It’s looking more and more likely that the U.S. Supreme Court will have to weigh in on the matter of employer sanctions. Although there has been a school of thought in the couple of years since the law went on the books here that the High Court wouldn’t necessarily want to weigh in on the matter, it may be compelled to.
Although Arizona’s law – the first of its kind in the nation that applies to an entire state – has been upheld by both a district federal judge and the Ninth Circuit Court of Appeals, there is discord in the justice system.
The discord comes from a Feb. 2 ruling by the Tenth Circuit Court of Appeals.
A three-judge panel of the Denver-based appeals court ruled that federal immigration law preempts two of the provisions of Oklahoma’s employer sanctions law, upholding a lower court’s injunction against them.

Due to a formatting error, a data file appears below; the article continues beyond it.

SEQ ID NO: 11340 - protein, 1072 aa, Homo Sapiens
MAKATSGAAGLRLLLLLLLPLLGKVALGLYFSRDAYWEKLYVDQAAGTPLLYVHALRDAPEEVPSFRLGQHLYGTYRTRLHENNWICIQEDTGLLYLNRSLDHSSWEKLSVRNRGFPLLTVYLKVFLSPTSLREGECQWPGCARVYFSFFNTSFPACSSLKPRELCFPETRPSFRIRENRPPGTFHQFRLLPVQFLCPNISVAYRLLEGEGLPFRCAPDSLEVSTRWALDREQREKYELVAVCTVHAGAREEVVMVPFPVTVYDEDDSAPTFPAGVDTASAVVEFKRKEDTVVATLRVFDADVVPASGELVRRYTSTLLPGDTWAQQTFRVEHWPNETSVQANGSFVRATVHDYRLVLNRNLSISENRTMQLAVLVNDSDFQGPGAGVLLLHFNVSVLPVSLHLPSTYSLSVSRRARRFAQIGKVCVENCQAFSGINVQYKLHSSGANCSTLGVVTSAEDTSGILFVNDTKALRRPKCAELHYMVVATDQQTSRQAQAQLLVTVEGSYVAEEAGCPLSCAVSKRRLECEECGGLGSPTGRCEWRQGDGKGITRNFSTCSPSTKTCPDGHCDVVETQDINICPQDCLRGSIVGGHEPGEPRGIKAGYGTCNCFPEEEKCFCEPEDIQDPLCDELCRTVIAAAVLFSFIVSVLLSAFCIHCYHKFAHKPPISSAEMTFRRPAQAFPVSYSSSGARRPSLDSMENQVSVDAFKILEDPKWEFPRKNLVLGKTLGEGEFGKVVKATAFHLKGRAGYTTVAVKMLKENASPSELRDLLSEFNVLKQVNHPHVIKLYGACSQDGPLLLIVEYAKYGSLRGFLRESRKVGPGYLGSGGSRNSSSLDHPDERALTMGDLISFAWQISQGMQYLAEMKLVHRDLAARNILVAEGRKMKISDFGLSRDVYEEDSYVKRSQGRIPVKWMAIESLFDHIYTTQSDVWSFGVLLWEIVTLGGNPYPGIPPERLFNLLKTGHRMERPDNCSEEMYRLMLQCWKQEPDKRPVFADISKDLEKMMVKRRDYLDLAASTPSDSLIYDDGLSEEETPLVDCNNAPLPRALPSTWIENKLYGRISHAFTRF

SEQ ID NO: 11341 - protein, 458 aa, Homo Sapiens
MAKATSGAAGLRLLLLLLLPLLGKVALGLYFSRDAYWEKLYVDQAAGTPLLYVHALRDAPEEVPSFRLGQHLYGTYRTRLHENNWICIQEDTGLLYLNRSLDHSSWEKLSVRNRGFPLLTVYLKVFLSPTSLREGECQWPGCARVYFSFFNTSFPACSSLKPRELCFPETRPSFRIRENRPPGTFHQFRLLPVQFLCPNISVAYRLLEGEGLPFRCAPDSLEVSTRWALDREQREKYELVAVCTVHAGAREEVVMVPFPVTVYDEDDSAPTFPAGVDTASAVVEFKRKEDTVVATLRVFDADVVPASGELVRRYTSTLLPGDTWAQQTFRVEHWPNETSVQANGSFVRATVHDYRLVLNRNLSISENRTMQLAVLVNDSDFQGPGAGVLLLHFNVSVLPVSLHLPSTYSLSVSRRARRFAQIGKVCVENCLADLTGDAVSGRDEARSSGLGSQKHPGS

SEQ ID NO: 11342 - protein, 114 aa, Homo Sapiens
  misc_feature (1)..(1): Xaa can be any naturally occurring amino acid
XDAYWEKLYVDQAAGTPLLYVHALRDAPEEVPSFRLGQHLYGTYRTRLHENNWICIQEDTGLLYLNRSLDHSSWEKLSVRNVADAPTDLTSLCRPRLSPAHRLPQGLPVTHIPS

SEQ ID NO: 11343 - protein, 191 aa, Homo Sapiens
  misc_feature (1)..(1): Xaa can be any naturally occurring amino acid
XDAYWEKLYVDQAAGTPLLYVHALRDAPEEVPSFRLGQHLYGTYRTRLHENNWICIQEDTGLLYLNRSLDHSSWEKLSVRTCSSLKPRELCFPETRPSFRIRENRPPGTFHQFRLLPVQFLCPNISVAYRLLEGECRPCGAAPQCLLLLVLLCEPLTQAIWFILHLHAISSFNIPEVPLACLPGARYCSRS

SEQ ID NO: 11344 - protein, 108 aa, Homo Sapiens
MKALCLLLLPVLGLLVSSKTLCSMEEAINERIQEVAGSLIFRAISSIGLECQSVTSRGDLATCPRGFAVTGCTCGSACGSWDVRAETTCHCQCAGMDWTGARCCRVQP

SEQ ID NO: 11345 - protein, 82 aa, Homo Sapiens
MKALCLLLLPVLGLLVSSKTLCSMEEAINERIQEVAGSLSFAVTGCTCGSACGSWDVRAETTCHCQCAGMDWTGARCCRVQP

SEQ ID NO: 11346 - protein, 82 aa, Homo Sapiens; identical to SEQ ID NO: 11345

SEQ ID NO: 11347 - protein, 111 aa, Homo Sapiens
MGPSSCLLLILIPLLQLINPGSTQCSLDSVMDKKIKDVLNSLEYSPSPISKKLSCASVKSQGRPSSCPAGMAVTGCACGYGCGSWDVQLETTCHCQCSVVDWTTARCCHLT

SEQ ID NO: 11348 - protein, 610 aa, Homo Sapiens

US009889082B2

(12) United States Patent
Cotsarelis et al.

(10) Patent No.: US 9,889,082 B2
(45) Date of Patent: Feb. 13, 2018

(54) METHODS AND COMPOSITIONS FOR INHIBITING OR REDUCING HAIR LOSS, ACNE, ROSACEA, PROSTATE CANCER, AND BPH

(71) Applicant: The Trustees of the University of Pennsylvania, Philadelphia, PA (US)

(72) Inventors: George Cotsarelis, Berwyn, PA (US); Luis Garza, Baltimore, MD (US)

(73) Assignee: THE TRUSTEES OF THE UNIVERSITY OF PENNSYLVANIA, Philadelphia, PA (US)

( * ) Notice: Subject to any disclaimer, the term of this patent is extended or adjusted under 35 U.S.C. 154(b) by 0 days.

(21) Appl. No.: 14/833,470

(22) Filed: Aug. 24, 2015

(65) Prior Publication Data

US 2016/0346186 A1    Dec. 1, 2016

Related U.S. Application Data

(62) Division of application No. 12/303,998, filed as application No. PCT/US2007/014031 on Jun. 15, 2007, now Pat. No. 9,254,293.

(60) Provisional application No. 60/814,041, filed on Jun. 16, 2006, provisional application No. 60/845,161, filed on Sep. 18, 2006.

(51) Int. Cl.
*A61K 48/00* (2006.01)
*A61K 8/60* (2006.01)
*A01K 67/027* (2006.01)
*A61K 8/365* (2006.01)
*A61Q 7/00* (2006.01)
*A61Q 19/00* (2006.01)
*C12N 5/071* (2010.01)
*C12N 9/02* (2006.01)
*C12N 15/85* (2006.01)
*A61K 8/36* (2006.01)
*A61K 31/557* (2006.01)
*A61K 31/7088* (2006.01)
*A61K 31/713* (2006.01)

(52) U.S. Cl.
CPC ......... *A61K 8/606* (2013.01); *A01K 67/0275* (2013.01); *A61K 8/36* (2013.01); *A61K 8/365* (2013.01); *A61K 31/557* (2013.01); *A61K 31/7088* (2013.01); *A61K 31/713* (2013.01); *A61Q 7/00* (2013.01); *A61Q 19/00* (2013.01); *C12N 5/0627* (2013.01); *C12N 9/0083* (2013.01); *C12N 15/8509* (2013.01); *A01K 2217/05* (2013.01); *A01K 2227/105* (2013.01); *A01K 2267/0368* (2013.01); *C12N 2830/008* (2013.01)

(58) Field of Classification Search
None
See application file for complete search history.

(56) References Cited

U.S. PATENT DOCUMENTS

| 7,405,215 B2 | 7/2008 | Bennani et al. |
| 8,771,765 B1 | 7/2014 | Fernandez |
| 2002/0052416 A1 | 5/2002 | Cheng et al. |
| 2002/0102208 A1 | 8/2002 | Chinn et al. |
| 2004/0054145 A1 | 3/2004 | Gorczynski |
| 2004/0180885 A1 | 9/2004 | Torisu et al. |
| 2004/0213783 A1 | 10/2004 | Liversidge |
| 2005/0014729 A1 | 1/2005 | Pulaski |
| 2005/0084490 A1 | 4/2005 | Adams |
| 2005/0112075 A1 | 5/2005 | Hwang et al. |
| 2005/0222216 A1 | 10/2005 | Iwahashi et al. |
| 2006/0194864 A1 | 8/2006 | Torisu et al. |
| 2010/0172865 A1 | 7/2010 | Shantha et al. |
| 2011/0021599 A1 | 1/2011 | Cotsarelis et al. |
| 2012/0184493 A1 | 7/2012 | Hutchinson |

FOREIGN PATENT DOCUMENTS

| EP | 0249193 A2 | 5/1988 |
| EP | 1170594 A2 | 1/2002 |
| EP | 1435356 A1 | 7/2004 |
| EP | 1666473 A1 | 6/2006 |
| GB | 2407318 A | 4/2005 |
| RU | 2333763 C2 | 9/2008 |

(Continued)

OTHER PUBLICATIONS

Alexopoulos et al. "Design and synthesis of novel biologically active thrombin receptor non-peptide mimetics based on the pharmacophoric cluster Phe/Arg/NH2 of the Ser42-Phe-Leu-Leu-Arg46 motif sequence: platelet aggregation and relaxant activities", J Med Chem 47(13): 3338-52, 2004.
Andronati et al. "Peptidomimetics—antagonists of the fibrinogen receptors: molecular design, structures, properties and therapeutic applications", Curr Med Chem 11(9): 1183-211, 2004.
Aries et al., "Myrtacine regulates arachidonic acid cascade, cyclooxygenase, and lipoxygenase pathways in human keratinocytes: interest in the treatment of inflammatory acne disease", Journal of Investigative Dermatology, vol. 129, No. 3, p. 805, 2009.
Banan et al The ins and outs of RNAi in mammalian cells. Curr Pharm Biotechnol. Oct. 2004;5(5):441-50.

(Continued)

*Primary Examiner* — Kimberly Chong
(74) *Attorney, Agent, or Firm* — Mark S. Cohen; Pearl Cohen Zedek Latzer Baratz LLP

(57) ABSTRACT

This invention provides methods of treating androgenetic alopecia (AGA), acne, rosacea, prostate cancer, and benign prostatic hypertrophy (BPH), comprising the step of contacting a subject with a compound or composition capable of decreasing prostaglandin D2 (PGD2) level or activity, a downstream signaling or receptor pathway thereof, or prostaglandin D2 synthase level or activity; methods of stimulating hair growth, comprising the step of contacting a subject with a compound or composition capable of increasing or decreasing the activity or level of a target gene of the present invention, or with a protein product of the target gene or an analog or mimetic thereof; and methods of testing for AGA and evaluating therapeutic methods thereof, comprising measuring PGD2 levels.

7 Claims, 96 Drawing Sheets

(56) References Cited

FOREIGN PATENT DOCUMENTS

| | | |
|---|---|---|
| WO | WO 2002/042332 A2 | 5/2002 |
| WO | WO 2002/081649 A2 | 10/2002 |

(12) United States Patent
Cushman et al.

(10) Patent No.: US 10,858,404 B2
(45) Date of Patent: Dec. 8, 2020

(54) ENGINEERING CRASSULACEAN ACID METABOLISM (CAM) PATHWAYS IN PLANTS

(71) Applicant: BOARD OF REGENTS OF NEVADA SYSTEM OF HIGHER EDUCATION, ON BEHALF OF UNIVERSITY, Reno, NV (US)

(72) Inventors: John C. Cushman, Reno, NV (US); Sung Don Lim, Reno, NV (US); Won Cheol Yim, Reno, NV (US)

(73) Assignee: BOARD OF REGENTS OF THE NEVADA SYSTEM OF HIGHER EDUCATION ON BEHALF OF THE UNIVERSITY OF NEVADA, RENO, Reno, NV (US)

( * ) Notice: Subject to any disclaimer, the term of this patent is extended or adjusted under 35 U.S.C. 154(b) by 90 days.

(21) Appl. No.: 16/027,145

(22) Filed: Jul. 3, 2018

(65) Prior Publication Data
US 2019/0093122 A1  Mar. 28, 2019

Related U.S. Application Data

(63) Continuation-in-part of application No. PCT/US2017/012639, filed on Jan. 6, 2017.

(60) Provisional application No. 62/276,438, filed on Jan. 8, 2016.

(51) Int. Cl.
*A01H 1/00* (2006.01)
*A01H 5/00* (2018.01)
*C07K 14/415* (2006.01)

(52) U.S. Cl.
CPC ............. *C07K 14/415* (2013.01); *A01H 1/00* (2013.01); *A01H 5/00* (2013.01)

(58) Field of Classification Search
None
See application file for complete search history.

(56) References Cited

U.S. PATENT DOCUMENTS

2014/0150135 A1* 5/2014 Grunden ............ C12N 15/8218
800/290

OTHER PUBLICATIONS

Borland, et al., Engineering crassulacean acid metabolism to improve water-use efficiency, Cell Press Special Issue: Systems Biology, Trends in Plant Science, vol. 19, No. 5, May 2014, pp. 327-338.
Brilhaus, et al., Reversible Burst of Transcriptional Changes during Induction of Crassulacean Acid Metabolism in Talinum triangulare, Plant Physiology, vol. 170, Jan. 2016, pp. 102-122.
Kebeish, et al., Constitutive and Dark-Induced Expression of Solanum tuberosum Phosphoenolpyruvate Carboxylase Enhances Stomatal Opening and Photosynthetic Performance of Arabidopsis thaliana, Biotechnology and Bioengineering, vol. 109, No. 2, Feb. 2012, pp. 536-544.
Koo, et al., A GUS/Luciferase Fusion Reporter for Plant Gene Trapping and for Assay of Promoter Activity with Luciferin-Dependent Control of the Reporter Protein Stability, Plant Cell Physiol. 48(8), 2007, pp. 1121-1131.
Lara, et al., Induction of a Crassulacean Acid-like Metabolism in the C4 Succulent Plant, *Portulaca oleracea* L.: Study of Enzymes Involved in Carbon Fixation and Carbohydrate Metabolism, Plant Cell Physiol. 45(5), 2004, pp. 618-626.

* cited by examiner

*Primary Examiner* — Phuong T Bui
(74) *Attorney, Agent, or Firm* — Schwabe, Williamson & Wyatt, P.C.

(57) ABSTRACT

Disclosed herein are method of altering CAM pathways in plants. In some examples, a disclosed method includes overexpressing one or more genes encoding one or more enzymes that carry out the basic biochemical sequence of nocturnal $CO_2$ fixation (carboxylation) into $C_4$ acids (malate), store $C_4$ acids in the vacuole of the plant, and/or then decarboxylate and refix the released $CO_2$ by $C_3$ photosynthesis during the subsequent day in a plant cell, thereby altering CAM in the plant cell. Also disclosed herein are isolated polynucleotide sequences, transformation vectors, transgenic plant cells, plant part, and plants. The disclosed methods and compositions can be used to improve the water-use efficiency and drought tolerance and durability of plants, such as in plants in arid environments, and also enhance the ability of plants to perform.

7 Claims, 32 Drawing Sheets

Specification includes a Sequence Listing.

In the challenge to the Arizona law, attorneys for business and Hispanic groups also argued that federal immigration law preempts the state law. Although the provisions challenged are not identical, it is unlikely the Supreme Court will stand idly by as two lower appeals courts have come to conflicting rulings regarding the ability of states to implement immigration laws.
The Arizona case has already been appealed to the Supreme Court, and the court has already asked the Justice Department to file brief outlining the federal government’s position.
It is unclear when the law will have its final day in court, but the likelihood that it will come in front of the nation’s top nine judges has increased.
- by Jim Small